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Re: C-a update

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  • Lee
    ... where you just can t seem... (Stupid autocorrect.) Lee
    Message 1 of 4 , Mar 2, 2011
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      ... where you just can't seem...

      (Stupid autocorrect.)

      Lee

      On Wed Mar 2nd, 2011 7:56 PM CST Lee wrote:

      >See the X-Sampa site for x-sampa/IPA conversion routines, in case you want to change representations later.
      >
      >As you work with CSS you'll probably run into brick walls where you just can seem to make your layout work no matter what you try. That's when you should consider setting your CSS file aside and creating a new, probably simpler one from scratch that magically works.
      >
      >Lee
      >
      >On Wed Mar 2nd, 2011 6:24 PM CST Adam Walker wrote:
      >
      >>I have been working, in stolen moments here and there on returning the
      >>Carrajina-Inguesa/English-Carthaginian dictionary to the web. I have almost
      >>completed the update of C-E letter A, but then, while working today, I
      >>decided that I would really rather use real IPA that stay with the modified
      >>X-Smapa I have been using for the pronunciations. What is the best way to
      >>do that so it will display correctly?
      >>
      >>Also, I'm thinking that I really may have to surrender and learn enough CSS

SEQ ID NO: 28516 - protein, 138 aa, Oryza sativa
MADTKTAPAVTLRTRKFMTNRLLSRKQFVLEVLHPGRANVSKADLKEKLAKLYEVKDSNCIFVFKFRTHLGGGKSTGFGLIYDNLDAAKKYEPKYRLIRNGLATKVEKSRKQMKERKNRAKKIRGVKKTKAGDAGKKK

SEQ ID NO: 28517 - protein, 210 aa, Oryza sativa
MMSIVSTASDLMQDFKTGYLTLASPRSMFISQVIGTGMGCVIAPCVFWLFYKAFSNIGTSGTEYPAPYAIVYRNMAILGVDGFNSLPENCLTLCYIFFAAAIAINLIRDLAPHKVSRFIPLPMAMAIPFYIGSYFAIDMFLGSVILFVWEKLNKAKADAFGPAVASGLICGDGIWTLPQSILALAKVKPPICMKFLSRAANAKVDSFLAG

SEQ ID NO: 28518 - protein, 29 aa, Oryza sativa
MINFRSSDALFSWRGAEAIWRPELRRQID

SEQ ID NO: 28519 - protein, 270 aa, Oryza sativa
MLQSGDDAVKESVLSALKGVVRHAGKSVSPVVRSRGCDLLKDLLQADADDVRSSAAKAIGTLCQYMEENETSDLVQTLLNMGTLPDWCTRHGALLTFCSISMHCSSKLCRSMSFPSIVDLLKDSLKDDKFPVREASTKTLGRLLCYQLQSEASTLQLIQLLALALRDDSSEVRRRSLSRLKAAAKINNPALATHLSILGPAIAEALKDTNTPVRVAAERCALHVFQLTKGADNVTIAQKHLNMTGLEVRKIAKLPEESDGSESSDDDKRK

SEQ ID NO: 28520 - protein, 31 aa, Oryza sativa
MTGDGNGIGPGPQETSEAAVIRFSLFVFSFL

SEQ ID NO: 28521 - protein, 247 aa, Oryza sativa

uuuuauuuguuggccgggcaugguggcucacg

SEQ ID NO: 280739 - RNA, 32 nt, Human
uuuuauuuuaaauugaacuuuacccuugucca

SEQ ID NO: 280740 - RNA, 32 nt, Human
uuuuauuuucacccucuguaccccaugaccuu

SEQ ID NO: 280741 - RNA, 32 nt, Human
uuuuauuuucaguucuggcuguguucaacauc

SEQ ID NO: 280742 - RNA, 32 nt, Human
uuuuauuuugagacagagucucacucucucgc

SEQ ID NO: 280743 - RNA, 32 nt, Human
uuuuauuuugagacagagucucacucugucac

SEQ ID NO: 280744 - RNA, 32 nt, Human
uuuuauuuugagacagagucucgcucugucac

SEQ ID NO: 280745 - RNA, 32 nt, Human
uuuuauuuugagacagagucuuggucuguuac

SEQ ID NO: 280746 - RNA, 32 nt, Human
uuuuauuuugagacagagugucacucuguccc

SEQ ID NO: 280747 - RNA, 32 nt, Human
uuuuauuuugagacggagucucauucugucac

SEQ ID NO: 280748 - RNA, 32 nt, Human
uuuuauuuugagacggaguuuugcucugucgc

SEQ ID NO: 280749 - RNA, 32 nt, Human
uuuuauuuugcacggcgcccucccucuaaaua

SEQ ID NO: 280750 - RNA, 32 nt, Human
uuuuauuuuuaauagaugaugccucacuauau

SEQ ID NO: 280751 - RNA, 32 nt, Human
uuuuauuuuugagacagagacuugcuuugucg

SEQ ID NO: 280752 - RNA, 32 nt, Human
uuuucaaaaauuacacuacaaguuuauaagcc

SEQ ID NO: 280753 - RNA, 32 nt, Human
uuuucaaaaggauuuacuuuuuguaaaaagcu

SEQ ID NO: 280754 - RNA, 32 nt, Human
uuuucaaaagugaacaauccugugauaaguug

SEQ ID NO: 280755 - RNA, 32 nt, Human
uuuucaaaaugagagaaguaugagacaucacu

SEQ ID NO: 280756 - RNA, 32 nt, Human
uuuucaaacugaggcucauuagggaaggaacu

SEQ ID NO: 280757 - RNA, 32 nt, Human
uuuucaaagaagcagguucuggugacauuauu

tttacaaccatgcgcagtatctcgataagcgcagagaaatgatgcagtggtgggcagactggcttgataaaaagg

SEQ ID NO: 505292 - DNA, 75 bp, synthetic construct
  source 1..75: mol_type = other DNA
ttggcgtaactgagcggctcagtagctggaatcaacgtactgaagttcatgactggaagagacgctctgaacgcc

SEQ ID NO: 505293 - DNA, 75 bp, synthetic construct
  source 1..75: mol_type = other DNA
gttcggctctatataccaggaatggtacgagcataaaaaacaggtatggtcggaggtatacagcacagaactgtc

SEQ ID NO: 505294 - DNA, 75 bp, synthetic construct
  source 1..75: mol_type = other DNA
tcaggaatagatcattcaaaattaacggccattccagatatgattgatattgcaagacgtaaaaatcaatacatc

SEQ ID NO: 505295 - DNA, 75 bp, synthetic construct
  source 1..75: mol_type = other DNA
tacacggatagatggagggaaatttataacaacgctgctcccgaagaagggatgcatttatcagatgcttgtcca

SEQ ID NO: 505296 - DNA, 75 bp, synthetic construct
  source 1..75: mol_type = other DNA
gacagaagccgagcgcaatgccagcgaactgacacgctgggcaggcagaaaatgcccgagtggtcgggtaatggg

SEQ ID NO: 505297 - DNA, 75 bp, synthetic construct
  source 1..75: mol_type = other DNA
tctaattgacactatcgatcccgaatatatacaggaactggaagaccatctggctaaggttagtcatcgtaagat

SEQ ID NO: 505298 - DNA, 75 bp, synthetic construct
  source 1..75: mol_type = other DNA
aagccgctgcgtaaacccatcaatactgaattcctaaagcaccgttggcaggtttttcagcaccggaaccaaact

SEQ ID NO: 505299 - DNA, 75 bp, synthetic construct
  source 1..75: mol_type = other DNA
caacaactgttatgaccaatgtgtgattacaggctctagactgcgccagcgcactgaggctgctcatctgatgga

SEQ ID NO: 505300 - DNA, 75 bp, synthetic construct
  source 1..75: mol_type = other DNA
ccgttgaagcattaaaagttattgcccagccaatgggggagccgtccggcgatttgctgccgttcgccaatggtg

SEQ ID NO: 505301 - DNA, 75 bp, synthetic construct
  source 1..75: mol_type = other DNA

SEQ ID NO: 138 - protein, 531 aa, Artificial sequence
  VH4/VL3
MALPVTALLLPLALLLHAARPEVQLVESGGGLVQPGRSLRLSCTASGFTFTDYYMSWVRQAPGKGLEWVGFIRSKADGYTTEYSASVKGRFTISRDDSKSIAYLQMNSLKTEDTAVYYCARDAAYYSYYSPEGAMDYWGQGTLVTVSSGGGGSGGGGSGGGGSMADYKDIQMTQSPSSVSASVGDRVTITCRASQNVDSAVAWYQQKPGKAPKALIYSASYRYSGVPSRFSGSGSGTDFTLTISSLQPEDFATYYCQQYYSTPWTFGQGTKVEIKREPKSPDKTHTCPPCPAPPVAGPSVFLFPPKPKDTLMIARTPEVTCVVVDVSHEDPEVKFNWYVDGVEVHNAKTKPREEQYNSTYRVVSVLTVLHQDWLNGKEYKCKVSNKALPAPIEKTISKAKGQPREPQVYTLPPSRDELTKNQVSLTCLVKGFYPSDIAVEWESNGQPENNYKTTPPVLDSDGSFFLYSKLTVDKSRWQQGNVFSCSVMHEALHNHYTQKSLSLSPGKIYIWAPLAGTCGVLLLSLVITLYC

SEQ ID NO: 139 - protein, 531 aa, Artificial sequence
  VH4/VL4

>>to update the code on my pages. Any advice is welcome.
      >>
      >>Adam
      >
      >
      >
      >
    • Carsten Becker
      Any recent browser (i.e. not IE 6!) should be able to automatically replace characters not found in the current font with those from a font that has the
      Message 2 of 4 , Mar 3, 2011
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        Any recent browser (i.e. not IE 6!) should be able to automatically
        replace characters not found in the current font with those from a font
        that has the characters. I'd still recommend to use a font that covers
        the IPA range, e.g. Arial Unicode MS, Lucida Sans Unicode, Doulos SIL,
        Charis SIL, Gentium, Junicode, Titus Cyberbit, Thryomanes, Linux
        Libertine ... Even the Windows standard fonts that come with Vista and 7
        nowadays cover it, IIRC.

        So, as for your CSS, you could declare this to apply the font to all
        elements in the <body> of your HTML file (put it either in the <head> or
        in the <body>):

        <style type="text/css">
        body * {
        font-family: "Lucida Sans Unicode", "Arial Unicode MS", Gentium,
        "Doulos SIL";
        }
        </style>

        Other than that, you might want to read Quirksmode,
        <http://quirksmode.org/css/contents.html> to get an overview of CSS.
        It's very simple, basically, to address DOM elements with CSS, but I,
        too, find myself constantly looking up names of keywords besides
        elementary ones like font-family, font-size, margin, and padding.

        Carsten


        Am 03.03.2011 01:24, schrieb Adam Walker:
        > I have been working, in stolen moments here and there on returning the
        > Carrajina-Inguesa/English-Carthaginian dictionary to the web. I have almost
        > completed the update of C-E letter A, but then, while working today, I
        > decided that I would really rather use real IPA that stay with the modified
        > X-Smapa I have been using for the pronunciations. What is the best way to
        > do that so it will display correctly?
        >
        > Also, I'm thinking that I really may have to surrender and learn enough CSS
        > to update the code on my pages. Any advice is welcome.
        >
        > Adam

        --
        Ayeri Grammar (WIP): http://goo.gl/bCcbJ (PDF)
        Der Sprachbaukasten: http://sanstitre.nfshost.com/sbk
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